Nail biting is a habit that can cause a wide range of issues, both for overall health and teeth. Although nail biting is often a subconscious habit, it's important to try to nip the habit in the bud before it affects your oral health and wellness. The reasons for nail biting are not fully known, but dental professionals believe it can be a physical manifestation of anxiety, boredom, and stress. Our orthodontists in Gainesville detail all the negative impacts of biting your nails, as well as helpful tips to help make nail biting a habit of the past.
Spreading Of Germs
Depending on how often you wash your hands, it's likely that bacteria have accumulated under and around your fingernails and on your fingers. Biting your nails invites these bacteria into your mouth, leading to a higher rate of infection and the potential spreading of oral diseases throughout the mouth. What's more, biting your nails can cause you to get sick more often, as cold-and-flu bacteria and viruses enter your system.
Poor Dental Occlusion
Biting your nails puts a significant amount of pressure on your jaw bone regularly. This can cause your teeth to shift out of proper alignment or worsen the positioning of already improperly aligned teeth. As a result, nail biting can eventually mean the need for teeth straightening with braces or a retainer. In extreme cases, nail biters can even displace their jaws, requiring additional medical treatment.
Nail biters typically suffer from higher rates of gum disease and infection than individuals who don't bite their nails. You may think your teeth are much harder than your nails, but regular wear and tear on your teeth and gums from nail biting can put you on the fast track to develop gingivitis, as rough nail edges can tear gum tissues, exposing gums to bacteria and increasing the risk of infection.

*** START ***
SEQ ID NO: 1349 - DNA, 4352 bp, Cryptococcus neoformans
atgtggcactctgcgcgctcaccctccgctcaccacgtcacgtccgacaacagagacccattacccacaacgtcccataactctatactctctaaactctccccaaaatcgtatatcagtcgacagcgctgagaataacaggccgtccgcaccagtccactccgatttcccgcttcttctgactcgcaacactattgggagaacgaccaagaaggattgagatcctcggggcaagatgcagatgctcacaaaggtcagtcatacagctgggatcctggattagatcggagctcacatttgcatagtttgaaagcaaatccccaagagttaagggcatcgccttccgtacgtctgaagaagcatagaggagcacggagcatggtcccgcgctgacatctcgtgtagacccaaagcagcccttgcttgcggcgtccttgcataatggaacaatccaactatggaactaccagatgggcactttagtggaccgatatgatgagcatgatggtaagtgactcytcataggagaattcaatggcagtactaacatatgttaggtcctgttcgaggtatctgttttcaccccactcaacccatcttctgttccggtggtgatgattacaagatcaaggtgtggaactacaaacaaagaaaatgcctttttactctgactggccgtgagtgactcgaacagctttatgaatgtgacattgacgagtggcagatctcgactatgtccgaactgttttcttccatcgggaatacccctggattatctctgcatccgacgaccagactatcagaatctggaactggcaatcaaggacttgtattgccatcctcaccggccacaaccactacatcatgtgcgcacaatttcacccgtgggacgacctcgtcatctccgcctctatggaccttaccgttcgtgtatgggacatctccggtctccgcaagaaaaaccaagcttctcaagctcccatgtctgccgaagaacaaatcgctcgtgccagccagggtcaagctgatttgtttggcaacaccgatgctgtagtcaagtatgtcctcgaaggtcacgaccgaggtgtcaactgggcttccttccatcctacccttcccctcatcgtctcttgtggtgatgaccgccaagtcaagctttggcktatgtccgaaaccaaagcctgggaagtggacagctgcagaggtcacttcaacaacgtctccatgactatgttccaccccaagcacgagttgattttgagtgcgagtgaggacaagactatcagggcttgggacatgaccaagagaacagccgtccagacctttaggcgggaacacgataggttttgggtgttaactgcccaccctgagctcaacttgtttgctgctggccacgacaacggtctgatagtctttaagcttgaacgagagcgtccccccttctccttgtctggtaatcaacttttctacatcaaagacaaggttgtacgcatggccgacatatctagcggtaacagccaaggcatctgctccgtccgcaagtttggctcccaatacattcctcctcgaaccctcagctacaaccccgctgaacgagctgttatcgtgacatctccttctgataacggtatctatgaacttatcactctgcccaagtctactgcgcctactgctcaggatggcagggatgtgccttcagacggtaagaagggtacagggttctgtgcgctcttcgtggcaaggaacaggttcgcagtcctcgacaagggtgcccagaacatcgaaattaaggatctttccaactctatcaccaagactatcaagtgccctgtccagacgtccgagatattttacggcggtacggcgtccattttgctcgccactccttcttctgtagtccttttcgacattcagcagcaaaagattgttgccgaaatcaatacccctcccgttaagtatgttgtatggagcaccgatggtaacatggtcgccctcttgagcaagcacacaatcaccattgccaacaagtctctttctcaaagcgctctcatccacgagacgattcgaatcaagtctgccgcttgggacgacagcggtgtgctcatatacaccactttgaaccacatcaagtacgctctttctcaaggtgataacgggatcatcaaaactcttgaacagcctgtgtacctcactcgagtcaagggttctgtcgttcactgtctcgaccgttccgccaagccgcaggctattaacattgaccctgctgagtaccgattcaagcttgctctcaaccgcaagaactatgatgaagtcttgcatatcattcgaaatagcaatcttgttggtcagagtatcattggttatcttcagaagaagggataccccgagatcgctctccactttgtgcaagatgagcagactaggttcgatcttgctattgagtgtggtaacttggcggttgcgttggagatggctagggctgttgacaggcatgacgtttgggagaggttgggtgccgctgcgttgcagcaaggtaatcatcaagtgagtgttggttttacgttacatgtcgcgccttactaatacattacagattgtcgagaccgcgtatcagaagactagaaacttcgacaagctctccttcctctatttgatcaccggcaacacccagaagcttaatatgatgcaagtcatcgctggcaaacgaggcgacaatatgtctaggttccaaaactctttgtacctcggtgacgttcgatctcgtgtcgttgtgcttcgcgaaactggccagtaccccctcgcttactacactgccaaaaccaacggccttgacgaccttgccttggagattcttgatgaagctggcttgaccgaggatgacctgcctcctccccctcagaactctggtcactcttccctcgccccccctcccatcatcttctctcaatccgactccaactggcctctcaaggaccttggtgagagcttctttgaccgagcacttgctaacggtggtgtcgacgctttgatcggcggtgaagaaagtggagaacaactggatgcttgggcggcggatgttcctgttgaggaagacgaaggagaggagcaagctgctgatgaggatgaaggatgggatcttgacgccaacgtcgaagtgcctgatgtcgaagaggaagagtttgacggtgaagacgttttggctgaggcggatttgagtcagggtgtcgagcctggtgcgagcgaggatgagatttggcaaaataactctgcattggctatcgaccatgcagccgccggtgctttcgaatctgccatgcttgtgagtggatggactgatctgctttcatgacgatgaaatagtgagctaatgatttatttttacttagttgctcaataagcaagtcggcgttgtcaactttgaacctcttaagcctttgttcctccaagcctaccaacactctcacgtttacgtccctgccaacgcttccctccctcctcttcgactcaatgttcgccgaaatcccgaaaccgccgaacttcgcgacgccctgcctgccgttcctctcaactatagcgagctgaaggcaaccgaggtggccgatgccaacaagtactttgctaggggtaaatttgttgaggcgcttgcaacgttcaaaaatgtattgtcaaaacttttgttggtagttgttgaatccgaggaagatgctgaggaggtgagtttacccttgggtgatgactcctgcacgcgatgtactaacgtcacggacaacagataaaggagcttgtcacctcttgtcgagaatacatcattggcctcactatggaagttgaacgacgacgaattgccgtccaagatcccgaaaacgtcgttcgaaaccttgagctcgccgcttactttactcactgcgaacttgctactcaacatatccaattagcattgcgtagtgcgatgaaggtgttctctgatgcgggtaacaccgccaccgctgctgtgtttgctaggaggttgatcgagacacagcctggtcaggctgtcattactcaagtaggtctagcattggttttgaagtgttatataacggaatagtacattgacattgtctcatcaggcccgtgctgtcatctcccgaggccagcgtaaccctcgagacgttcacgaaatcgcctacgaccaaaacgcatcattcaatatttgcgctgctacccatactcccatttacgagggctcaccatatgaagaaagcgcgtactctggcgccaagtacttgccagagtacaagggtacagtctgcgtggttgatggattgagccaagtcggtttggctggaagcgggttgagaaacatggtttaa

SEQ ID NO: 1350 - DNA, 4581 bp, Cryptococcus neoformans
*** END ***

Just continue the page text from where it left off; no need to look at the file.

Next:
Nail biting can cause your teeth's enamel to erode, leading to tooth-and-gum sensitivity. What's more, it can also cause bruxism, or a condition in which you unconsciously clench or grind your teeth when you are awake or asleep. Bruxism can lead to significant tooth damage, including cracked teeth, chipped teeth, and teeth prone to developing decay at an accelerated rate. Cracked teeth can often lead to a significant degree of pain and oral health issues.
Nail biting can cause damage to your braces brackets, wires, and other orthodontic appliances, and it may even lead to a braces emergency. This can include broken braces or brackets, loose expanders, or broken wires that poke into your gums. Damaged braces can also delay the progress of orthodontic treatment. Gently treating your teeth and orthodontic appliances is an important part of maintaining good oral health.
Tips For Stopping Nail Biting
Once developed, nail biting can be a difficult habit to stop. But there are several strategies that can help retrain your brain by making it more difficult or unpleasant to bite your nails. We recommend trimming your nails regularly, so there won't be enough nail length to bite as well as painting your nails with bitter-tasting polish, which will help you associate nail biting with an unpleasant taste. In addition, you might consider getting a manicure, as aesthetically pleasing nails can help keep you motivated to avoid ruining them. Swapping out your nail-biting habit for another, less harmful way to preoccupy your hands, such as playing with a stress ball or slime, can also deter nail biting. Identifying your triggers for nail biting may likewise help deter the habit. Contact us today to learn more tips to stop nail biting and to schedule an appointment with our orthodontist!